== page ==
Here’s all you need to know about the new fifth-generation hybrid technology in the Toyota Corolla GR Sport 2023

Is the GR Corolla finally arriving in the United Kingdom?

However, that 300-horsepower motorsport-bred weapon is still a faraway dream on our shores. The above Corolla is only equipped with GR Sport trim, and despite the name, there are no significant performance upgrades: you simply receive GR-badged components (starting buttons, seats, sills, etc.) for a sportier appearance.

Yet, before you click away in disappointment, you may have missed some other Corolla-related news. Namely, the introduction of the fifth generation of Toyota’s hybrid-electric technology, which has enhanced performance.

Continue, I’m listening…

Your powertrain options are still 1.8- and 2.0-liter hybrids, but they now provide improved performance and fuel economy thanks to a revised power control unit and electric motor, as well as a lithium-ion battery that is 14% more powerful and 14% lighter (18 kg) than before.

The 1.8-liter engine now produces 138bhp (up 18bhp), reducing the 0-62mph time down by 1.8 seconds to 9.1 seconds, while the 2.0-liter system now produces 193bhp (up 15bhp), bringing the 0-62mph time down by half a second to 7.4 seconds.

The entire system is now more efficient than ever, with CO2 emissions beginning at 100g/km for the 1.8-liter engine and 98g/km for the 2.0-liter engine, and fuel efficiency beginning at 64.1mpg. It seems really nutritious.

It sounds great on paper, but what about in the actual world?

Let’s not beat around the bush: the previous 1.8-liter Corolla was sluggish and lackluster. Toyota claims to have returned the previous linear accelerator to emphasize driver input and power delivery, and while the new one is hardly a hot hatch, the enhanced acceleration from zero to sixty miles per hour is extremely pleasant, especially when merging onto highways and passing.

But that doesn’t mean it’s much quieter when you floor it, thanks in large part to its CVT transmission, which remains considerably less smooth than something like the new Honda Civic. Once up to speed, it quiets down beautifully, and there’s a surprising amount of silent city driving to be enjoyed in EV mode, with the dashboard helpfully (and perhaps addictively) indicating how much of your route was done with the electric motor alone. It’s simply that middle area that continues to be problematic.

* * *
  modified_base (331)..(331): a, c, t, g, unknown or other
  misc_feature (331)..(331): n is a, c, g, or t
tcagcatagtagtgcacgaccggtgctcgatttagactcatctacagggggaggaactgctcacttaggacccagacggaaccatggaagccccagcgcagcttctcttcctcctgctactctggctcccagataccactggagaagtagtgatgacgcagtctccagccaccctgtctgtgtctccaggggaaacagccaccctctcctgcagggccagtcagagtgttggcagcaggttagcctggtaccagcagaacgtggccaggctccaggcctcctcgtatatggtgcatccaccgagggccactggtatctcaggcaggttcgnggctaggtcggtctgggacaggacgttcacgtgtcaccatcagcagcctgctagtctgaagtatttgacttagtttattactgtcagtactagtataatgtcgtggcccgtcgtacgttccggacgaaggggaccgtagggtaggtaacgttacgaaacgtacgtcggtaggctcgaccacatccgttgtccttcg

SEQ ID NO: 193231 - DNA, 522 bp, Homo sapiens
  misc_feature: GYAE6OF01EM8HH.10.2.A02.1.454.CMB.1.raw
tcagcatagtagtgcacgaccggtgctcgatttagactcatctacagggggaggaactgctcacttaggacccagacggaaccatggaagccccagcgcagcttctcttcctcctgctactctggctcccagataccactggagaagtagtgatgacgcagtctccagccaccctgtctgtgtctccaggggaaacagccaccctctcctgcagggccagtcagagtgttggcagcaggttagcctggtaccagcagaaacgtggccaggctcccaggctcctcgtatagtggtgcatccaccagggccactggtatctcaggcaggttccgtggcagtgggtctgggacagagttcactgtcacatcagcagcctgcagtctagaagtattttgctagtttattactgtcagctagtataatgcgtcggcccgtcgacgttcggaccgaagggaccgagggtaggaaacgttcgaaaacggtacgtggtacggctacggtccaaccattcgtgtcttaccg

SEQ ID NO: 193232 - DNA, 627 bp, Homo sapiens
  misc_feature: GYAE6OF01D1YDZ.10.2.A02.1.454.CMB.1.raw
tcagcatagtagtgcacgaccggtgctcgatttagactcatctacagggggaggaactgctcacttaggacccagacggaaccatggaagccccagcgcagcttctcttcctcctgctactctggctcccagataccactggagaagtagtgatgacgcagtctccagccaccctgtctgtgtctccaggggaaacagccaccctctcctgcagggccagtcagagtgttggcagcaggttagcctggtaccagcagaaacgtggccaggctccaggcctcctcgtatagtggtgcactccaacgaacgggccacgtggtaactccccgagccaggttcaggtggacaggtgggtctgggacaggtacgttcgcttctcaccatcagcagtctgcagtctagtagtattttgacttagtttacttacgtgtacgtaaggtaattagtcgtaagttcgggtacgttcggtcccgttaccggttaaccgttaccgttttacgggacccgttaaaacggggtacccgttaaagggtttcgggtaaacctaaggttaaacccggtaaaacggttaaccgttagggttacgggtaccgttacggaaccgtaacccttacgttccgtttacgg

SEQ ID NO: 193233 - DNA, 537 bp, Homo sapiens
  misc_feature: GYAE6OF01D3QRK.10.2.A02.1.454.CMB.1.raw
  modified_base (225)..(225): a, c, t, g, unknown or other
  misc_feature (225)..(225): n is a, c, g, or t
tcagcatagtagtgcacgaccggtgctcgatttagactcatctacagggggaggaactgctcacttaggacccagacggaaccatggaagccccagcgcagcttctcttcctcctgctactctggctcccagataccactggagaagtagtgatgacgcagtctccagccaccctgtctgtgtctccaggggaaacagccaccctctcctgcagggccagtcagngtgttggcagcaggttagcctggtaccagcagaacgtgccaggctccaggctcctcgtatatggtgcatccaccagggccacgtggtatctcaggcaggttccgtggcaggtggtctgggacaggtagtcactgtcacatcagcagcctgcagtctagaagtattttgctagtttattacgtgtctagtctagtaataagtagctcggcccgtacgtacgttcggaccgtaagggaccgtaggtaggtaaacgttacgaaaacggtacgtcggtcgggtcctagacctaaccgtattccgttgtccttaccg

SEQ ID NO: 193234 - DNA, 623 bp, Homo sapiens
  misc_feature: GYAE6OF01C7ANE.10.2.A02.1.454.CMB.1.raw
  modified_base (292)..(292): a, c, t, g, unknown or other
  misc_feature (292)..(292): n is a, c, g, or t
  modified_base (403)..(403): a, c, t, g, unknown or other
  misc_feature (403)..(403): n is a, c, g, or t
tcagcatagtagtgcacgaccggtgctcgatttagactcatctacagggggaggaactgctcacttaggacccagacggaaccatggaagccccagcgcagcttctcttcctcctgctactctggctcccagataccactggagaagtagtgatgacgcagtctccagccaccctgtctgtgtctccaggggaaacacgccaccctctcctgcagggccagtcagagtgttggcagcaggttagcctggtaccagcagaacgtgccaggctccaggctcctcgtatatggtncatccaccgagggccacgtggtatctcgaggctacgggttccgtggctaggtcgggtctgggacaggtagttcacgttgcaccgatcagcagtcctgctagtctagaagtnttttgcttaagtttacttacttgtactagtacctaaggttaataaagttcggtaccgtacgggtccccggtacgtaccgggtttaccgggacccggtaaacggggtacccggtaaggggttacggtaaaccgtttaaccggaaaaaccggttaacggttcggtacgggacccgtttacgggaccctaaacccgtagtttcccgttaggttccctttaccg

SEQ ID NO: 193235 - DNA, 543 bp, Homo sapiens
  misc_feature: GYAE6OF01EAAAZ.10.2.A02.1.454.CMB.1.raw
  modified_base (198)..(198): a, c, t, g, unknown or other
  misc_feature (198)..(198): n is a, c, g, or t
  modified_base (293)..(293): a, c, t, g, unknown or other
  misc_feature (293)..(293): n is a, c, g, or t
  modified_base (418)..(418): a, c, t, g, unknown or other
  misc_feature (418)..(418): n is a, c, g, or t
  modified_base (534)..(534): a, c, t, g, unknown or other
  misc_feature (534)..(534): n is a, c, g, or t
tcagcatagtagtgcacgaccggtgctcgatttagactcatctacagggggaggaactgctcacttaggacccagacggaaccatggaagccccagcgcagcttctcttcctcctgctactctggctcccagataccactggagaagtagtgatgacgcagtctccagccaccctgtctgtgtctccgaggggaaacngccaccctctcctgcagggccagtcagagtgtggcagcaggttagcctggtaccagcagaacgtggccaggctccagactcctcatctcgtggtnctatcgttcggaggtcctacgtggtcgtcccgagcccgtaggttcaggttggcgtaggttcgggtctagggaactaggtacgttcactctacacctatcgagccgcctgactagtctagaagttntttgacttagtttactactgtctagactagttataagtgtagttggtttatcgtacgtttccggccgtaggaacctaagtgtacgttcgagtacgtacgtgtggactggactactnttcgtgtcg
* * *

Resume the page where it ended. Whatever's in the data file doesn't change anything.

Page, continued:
Therefore, mild use of the throttle remains the Corolla’s happy place, at which point you’ll find it a reasonably companionable cruiser. Our test drive coincided with a weekend wedding excursion that entailed hauling four people and their luggage from London to Nottingham and back: against our GR Sport trim’s advertised 60.1mpg, we achieved 49.8mpg, with around a quarter of the time spent in electric mode. And the majority of that time was spent in the capital city.

It sounds somewhat tight…

There are benefits to being the designated driver; your comfort comes first. And despite being six feet two inches tall, I was completely content with the sportier standard-fit bucket-like seats in our GR Sport version. No complaints from my guest in the cockpit, either.

Yet you are correct in the rear, where even my companions under six feet tall found life to be quite crowded, not helped by those sports seats that reduce knee room. The fear of the train home was sufficient to silence them.

Anything else I should know?

As part of the 2023 improvements, all models receive a customizable 12.3-inch instrument display with many settings, as well as Toyota’s newest 10.5-inch ‘Smart Connect’ infotainment display, a much-welcomed enhancement.

With the exception of the lack of physical switches, the OS is pleasingly user-friendly despite its lack of aesthetic appeal. Still, there is a column of shortcut buttons on the left. Moreover, Toyota has employed common sense and kept the climate control panel — replete with knobs and buttons – distinct. Hurrah!

Nonetheless, Apple CarPlay and Android Auto wireless connections are now standard throughout the whole lineup. Even base models get LED lighting, heated front seats, air conditioning, wireless charging, a rearview camera, and front and rear parking sensors.

What is it priced at?

Costs for the 1.8-liter engine begin at £30,210 or £31,955 for the 2.0-liter engine in the base Icon trim, with an increase of £570 for the Design trim, £1,210 for the GR Sport trim, and £410 for the top-tier Excel trim. On a lease, the 1.8-liter will cost you a minimum of £420 per month or £490 per month over three years with a £3,000 down payment.

This is without a doubt the best-looking version of Corolla to date, with this GR Sport model being especially attractive, but despite the welcome improvement in performance, it cannot compete with the likes of the Ford Focus, Honda Civic, and VW Golf in terms of driving dynamics.

Yet, if you don’t demand too much of it, it’s a capable, cost-effective (small) family vehicle – not a bad thing at a time when many of us are feeling the pinch more than ever.

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